In all, and based upon the most current, finalized data, the United States has more than 11,000 ATF-licensed firearms manufacturers, of which more than 400 are based in Ohio. Every U.S. firearms manufacturer pays a $150 fee to the ATF for a license, which is good for three years, Dabkowski says.
Licensed manufacturers ranged from small gun shops that may have produced only a handful of firearms - or even as few as one – to the big names in the industry on the order of Ruger, Remington, Smith & Wesson, O.F. Mossberg, and Colt.
As a short history lesson and for comparison sake, for 2015 the total firearms production in the United States topped out at 9,358,661 units. In fact, based on ATF data going back to at least 2010, the year 2016 easily eclipsed any other in terms of seeing such a volume of firearms produced in the United States, though perhaps interestingly as well the number of shotguns made in the U.S. has fallen over the past few years.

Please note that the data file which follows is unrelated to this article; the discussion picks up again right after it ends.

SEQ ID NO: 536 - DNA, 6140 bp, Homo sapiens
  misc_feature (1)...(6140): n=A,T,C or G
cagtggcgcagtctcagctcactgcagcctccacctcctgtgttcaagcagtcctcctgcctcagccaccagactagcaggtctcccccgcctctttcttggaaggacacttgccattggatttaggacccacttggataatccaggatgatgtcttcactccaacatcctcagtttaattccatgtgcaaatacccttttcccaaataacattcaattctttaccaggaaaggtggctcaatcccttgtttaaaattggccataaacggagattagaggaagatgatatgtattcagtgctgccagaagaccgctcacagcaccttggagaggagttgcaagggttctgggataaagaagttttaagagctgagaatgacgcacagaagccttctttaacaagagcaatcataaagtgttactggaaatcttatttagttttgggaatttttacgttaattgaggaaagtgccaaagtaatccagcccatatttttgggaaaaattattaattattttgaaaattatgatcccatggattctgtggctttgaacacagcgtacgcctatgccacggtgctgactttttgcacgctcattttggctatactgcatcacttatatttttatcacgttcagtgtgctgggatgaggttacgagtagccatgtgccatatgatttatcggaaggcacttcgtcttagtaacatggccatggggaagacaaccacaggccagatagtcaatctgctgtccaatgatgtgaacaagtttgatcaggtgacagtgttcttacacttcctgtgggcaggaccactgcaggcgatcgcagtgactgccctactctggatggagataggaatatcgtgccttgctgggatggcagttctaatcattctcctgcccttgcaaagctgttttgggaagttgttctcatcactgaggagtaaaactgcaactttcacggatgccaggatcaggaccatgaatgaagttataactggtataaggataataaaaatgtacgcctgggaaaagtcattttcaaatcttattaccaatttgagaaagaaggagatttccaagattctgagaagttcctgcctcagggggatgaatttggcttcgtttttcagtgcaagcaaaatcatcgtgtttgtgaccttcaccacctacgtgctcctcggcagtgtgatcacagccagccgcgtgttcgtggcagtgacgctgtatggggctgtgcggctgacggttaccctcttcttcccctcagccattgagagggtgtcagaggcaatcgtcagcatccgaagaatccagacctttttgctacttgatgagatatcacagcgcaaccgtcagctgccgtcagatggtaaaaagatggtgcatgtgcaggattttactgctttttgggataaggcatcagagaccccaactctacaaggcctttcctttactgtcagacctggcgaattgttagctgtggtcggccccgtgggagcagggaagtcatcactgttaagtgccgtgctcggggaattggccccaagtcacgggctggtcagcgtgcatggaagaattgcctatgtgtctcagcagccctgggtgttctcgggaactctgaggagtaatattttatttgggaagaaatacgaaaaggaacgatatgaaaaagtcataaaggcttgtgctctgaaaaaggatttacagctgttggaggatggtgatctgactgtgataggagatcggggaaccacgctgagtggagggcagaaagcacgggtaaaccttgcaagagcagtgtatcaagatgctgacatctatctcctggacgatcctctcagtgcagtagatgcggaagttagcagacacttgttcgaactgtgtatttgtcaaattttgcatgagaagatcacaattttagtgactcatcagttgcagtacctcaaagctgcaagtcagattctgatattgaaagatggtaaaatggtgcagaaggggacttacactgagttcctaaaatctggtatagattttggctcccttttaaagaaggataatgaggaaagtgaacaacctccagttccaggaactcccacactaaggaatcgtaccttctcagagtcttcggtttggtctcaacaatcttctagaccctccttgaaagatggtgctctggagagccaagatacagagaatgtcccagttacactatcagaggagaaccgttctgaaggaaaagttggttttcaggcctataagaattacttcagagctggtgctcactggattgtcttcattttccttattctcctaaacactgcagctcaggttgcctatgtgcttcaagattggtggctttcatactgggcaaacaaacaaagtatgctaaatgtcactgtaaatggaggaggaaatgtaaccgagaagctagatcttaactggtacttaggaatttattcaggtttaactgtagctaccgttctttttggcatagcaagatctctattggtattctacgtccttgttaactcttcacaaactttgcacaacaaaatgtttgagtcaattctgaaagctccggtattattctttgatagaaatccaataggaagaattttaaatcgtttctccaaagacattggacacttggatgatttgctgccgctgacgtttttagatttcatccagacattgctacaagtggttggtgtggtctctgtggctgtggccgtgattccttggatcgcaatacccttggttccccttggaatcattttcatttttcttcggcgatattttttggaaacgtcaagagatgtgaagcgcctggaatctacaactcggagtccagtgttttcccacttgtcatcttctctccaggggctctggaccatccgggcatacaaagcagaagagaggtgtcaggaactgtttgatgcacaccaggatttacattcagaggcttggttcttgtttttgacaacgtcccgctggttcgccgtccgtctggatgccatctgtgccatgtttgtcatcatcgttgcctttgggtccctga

The ATF even breaks down manufacturing by individual states with the subject matter including the gun maker’s name and hometown and by firearms type made.
A close look at the figures does demonstrate the importance of the handgun market to America’s gun makers. ATF documentation shows that for 2016 the number of new semi-automatic pistols made in the U.S. was an astounding 4,720,075 units while the number of revolvers made here was 856,291. In 2010 those statistics were 2,258,450 and 558,927, respectively.